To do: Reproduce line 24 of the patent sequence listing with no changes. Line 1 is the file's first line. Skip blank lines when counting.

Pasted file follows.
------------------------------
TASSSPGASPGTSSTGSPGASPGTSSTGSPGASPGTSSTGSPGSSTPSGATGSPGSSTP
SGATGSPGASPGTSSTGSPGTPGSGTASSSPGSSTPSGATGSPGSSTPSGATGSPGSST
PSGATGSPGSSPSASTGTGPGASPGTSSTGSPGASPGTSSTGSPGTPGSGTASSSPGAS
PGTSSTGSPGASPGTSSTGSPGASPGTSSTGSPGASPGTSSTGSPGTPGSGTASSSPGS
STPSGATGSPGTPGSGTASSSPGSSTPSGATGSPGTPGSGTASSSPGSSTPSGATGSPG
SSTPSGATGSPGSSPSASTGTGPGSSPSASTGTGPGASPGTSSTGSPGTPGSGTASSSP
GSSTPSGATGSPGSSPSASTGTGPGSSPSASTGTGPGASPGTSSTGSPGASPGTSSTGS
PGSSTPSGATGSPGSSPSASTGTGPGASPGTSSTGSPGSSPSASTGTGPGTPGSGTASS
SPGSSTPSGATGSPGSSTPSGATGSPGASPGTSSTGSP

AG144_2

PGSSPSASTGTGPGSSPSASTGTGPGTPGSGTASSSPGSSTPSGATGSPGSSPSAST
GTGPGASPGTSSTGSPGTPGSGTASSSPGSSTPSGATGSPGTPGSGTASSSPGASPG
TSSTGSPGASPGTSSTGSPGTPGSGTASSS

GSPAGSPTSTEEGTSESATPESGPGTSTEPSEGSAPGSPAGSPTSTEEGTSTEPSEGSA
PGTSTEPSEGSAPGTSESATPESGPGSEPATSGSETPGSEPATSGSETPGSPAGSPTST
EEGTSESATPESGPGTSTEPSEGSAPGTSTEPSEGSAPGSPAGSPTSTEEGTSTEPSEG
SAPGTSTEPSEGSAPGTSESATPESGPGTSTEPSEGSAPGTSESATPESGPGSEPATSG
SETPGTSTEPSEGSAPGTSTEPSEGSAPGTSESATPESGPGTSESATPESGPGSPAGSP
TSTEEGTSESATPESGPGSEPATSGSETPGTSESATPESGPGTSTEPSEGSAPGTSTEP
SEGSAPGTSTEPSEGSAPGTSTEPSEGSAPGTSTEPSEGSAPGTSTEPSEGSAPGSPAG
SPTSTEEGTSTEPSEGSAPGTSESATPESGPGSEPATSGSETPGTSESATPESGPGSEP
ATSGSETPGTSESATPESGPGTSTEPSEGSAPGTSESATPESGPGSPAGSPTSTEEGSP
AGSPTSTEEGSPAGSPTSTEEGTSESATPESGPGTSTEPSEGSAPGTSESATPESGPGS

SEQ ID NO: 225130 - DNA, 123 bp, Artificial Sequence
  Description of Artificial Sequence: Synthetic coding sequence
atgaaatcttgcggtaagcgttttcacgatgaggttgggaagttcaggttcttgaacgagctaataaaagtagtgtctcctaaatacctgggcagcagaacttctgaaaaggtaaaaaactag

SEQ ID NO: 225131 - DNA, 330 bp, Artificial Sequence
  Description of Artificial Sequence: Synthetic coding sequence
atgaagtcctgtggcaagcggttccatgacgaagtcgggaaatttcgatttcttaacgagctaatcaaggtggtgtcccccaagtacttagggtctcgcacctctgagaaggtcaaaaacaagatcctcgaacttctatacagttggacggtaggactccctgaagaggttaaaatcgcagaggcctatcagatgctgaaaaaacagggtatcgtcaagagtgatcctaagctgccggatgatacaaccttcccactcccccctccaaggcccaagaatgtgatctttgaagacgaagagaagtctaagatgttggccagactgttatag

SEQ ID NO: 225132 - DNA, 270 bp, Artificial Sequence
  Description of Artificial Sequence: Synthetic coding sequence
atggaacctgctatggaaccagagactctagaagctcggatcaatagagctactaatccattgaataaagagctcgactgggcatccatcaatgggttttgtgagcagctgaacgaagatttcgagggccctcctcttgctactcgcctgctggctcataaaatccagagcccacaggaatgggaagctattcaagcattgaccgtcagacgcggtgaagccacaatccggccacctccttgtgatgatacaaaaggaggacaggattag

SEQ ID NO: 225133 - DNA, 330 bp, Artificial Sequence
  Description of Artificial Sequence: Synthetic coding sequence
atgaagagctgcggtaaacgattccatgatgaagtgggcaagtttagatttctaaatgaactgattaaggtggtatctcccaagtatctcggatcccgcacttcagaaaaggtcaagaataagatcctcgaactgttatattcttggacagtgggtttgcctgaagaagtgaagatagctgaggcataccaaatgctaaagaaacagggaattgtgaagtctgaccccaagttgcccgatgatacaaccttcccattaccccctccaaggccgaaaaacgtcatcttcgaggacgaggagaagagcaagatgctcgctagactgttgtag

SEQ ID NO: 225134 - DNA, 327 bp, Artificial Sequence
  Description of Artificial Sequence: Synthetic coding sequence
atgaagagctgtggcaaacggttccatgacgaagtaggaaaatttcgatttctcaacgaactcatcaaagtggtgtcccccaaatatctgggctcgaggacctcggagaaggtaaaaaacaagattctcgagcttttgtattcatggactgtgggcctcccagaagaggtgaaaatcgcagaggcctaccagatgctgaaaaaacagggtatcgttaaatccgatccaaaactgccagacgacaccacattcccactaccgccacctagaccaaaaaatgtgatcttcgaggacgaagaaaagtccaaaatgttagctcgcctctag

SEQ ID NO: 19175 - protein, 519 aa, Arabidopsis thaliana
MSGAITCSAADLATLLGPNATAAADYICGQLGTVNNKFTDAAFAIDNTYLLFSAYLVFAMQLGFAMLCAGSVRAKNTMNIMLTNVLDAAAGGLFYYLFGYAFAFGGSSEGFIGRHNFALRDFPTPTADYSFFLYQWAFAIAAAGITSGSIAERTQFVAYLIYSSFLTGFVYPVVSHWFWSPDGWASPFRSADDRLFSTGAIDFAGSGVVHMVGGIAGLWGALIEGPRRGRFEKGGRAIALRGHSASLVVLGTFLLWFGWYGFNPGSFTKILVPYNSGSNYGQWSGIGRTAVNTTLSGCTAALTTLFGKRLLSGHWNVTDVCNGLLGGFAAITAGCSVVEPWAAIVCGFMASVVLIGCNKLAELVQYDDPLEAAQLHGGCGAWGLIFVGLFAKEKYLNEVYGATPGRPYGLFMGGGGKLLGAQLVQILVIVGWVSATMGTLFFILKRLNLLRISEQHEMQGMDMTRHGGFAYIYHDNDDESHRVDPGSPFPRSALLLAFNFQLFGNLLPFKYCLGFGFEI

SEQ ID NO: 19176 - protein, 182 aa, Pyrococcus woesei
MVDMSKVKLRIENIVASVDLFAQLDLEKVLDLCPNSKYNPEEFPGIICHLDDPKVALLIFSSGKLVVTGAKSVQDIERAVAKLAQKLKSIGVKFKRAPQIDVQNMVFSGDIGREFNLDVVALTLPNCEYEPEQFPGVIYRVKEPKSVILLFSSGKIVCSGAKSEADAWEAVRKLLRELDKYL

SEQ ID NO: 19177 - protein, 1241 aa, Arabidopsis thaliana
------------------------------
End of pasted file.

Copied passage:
SEQ ID NO: 225130 - DNA, 123 bp, Artificial Sequence